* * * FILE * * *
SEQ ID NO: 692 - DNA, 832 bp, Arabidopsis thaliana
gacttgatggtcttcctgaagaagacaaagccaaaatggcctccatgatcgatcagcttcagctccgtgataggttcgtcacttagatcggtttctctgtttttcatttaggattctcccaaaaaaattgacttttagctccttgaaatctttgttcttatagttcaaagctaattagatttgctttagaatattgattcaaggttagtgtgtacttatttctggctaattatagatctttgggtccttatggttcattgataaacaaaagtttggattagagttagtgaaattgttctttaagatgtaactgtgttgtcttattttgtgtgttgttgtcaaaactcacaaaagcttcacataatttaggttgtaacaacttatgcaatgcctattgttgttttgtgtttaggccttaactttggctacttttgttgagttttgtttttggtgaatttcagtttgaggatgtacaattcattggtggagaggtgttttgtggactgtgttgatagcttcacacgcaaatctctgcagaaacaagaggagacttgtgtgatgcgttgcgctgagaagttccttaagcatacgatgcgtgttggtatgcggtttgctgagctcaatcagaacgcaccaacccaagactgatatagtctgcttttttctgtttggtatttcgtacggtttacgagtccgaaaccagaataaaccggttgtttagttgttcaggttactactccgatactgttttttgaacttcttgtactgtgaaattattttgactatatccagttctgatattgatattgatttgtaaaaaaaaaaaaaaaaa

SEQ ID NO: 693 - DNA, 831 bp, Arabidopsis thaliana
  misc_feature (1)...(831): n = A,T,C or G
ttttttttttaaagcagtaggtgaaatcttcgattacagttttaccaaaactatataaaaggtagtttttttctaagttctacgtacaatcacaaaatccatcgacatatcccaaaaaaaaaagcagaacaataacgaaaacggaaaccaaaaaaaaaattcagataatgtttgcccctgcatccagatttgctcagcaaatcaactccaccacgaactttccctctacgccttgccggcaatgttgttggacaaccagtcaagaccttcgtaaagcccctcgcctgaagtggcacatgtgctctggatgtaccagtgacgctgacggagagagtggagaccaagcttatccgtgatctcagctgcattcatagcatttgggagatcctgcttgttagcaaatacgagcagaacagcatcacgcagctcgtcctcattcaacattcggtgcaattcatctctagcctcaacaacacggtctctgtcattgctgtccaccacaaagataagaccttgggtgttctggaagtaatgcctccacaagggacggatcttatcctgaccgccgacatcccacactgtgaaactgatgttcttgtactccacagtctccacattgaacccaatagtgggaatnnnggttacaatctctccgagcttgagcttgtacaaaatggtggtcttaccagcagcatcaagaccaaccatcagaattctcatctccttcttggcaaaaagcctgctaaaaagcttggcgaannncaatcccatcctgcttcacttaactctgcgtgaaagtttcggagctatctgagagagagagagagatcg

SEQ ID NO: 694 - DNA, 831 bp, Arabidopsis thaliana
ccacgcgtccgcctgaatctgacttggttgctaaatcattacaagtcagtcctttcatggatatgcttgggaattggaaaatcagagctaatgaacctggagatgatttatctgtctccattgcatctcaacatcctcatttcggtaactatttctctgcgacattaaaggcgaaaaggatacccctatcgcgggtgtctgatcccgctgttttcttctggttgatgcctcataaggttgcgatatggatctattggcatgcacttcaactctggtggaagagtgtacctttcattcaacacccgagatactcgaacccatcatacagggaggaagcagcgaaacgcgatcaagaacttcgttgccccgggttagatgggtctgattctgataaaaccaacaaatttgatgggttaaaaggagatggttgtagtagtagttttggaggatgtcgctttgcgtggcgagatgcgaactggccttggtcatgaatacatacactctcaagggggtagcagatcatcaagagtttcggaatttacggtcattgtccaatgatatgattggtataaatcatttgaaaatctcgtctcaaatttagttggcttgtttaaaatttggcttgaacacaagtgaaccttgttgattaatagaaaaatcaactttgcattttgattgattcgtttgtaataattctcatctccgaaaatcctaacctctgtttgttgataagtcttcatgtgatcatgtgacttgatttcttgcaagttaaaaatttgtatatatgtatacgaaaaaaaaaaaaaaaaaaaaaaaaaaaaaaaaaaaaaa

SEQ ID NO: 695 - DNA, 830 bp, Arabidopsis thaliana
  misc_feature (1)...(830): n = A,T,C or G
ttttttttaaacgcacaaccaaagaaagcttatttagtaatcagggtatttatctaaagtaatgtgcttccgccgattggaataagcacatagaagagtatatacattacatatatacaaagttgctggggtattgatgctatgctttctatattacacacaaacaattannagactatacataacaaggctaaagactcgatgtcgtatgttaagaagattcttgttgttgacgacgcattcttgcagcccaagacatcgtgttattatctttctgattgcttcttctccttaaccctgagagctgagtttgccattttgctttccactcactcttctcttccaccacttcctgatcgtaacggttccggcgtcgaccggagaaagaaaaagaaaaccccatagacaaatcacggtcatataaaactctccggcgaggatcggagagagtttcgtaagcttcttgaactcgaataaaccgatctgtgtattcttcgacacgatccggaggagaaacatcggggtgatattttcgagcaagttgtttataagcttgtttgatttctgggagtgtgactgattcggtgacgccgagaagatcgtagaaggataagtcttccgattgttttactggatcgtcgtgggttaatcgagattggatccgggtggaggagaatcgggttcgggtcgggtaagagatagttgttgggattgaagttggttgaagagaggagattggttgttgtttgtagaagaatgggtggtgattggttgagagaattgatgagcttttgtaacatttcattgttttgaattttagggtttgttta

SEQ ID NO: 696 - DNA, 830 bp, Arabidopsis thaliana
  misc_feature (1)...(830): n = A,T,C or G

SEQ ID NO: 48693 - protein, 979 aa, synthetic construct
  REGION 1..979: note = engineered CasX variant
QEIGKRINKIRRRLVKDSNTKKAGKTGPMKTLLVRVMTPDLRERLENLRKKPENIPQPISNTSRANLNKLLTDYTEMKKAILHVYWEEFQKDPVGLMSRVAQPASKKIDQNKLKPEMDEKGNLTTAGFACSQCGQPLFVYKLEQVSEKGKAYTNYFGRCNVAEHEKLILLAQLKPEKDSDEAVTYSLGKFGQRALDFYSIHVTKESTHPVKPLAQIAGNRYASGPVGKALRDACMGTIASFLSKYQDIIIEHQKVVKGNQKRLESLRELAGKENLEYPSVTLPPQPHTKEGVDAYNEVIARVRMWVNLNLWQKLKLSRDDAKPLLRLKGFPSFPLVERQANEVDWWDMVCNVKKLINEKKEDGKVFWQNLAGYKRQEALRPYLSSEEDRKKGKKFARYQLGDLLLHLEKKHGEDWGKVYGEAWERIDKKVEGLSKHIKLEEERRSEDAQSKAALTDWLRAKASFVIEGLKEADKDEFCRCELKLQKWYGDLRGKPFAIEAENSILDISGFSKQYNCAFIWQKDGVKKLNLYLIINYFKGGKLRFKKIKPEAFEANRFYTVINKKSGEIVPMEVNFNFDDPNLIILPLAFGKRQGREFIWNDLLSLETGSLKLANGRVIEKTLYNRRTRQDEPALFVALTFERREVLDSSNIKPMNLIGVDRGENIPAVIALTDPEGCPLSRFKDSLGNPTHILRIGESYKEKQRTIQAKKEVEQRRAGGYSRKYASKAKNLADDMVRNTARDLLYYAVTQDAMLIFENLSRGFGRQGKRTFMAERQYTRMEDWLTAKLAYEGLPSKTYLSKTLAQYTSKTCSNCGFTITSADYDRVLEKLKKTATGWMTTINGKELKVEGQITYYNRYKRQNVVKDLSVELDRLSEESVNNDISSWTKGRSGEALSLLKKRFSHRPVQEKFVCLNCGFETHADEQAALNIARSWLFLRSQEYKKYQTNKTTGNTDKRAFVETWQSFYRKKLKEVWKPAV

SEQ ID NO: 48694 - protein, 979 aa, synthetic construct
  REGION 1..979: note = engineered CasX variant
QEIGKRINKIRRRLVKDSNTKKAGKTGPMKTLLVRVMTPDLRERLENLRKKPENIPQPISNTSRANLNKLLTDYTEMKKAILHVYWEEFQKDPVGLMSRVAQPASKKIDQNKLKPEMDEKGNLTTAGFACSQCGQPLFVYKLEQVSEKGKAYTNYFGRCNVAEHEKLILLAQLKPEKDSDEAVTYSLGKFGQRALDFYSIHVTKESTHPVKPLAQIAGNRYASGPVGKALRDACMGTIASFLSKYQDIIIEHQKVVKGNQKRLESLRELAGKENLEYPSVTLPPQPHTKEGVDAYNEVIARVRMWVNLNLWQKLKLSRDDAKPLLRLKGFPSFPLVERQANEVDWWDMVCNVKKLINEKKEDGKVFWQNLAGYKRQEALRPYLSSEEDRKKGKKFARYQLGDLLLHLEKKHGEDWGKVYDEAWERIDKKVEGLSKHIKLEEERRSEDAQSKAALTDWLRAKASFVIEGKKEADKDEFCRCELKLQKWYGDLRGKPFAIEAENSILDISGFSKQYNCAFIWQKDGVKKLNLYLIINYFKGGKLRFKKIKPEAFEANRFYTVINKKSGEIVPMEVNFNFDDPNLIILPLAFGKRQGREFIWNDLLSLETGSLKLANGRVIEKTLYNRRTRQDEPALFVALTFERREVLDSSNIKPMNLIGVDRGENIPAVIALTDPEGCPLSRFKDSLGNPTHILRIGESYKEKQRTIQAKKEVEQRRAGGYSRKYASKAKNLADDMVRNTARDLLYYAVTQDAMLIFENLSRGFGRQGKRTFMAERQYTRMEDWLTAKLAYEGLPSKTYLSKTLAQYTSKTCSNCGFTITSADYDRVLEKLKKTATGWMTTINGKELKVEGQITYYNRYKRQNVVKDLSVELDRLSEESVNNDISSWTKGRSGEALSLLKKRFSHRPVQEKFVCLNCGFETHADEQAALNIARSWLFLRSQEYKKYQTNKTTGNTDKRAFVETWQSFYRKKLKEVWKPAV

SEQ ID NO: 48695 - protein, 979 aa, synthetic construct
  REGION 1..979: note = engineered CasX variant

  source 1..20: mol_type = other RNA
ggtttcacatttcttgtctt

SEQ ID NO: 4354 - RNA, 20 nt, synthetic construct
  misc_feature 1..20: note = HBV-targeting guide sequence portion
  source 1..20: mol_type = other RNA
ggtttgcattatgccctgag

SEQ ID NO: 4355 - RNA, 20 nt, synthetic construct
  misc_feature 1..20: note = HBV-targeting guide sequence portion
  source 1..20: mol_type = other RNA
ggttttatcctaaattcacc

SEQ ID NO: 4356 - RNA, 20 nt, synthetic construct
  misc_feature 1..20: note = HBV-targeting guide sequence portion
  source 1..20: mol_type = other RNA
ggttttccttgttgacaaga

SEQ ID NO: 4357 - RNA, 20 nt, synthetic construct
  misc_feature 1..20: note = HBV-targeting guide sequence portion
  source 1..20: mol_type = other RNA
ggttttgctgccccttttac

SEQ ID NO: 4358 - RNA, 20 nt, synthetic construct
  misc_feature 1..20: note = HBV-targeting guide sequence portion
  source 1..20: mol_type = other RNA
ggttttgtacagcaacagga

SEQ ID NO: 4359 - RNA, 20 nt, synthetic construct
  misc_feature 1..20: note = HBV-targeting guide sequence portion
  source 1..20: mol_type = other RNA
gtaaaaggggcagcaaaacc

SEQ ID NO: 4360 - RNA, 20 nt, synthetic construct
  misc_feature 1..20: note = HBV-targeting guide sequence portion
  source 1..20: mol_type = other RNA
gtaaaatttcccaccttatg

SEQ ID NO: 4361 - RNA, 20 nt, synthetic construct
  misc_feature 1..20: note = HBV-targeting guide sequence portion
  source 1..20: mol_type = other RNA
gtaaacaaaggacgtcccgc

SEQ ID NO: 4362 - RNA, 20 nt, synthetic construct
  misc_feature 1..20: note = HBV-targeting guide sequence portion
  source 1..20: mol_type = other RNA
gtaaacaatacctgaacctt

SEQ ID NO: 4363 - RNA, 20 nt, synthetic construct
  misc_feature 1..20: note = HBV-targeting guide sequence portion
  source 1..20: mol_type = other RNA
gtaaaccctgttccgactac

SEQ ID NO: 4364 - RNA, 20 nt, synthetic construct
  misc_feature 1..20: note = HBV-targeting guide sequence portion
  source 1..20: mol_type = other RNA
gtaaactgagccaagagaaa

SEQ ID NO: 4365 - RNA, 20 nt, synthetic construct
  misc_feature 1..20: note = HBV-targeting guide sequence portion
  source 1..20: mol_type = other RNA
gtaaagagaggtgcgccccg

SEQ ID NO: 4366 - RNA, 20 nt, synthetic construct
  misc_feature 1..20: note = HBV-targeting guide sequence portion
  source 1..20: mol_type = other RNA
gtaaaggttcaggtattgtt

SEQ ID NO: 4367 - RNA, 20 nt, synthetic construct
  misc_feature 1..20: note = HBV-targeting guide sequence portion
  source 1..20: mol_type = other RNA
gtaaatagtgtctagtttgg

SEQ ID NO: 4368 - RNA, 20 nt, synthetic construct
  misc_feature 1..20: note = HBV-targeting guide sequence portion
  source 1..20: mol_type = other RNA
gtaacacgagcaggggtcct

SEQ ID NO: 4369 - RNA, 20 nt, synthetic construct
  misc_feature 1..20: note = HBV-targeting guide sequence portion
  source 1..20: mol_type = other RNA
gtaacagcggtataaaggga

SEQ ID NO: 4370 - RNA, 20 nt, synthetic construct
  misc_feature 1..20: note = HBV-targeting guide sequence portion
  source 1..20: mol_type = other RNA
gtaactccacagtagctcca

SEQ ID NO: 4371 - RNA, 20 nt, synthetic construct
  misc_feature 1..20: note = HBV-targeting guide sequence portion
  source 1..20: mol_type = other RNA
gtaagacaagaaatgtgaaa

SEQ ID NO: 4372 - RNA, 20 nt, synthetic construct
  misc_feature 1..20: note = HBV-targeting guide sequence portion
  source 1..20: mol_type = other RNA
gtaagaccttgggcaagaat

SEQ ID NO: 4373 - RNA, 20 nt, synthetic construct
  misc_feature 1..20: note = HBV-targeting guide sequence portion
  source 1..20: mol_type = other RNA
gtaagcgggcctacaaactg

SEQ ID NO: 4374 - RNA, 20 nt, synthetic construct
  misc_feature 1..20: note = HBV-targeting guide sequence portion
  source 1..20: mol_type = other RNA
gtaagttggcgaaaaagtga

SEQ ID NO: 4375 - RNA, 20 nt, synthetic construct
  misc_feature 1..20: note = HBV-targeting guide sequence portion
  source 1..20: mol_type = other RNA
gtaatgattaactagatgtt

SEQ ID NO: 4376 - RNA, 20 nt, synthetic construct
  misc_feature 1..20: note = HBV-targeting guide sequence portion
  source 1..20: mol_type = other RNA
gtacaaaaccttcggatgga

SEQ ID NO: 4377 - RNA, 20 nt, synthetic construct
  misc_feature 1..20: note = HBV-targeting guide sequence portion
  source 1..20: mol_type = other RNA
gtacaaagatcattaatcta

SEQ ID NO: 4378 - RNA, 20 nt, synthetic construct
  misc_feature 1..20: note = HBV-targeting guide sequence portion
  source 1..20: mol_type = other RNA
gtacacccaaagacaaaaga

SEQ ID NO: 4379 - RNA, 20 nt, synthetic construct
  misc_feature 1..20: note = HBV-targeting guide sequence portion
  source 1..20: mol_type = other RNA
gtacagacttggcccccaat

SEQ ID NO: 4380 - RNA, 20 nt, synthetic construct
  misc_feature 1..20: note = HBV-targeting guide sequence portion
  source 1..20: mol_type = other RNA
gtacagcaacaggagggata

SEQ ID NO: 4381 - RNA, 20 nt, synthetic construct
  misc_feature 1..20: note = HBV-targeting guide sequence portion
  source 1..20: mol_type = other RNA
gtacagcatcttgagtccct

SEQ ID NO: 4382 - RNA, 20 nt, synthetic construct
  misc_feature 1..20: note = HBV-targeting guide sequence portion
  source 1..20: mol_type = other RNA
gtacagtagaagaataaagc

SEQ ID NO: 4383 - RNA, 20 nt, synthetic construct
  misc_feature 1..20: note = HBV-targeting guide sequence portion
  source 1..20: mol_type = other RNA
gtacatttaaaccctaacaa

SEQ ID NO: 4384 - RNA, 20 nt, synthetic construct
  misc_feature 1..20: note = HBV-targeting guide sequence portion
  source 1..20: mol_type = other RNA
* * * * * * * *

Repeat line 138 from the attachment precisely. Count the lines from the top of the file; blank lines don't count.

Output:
gtacagtagaagaataaagc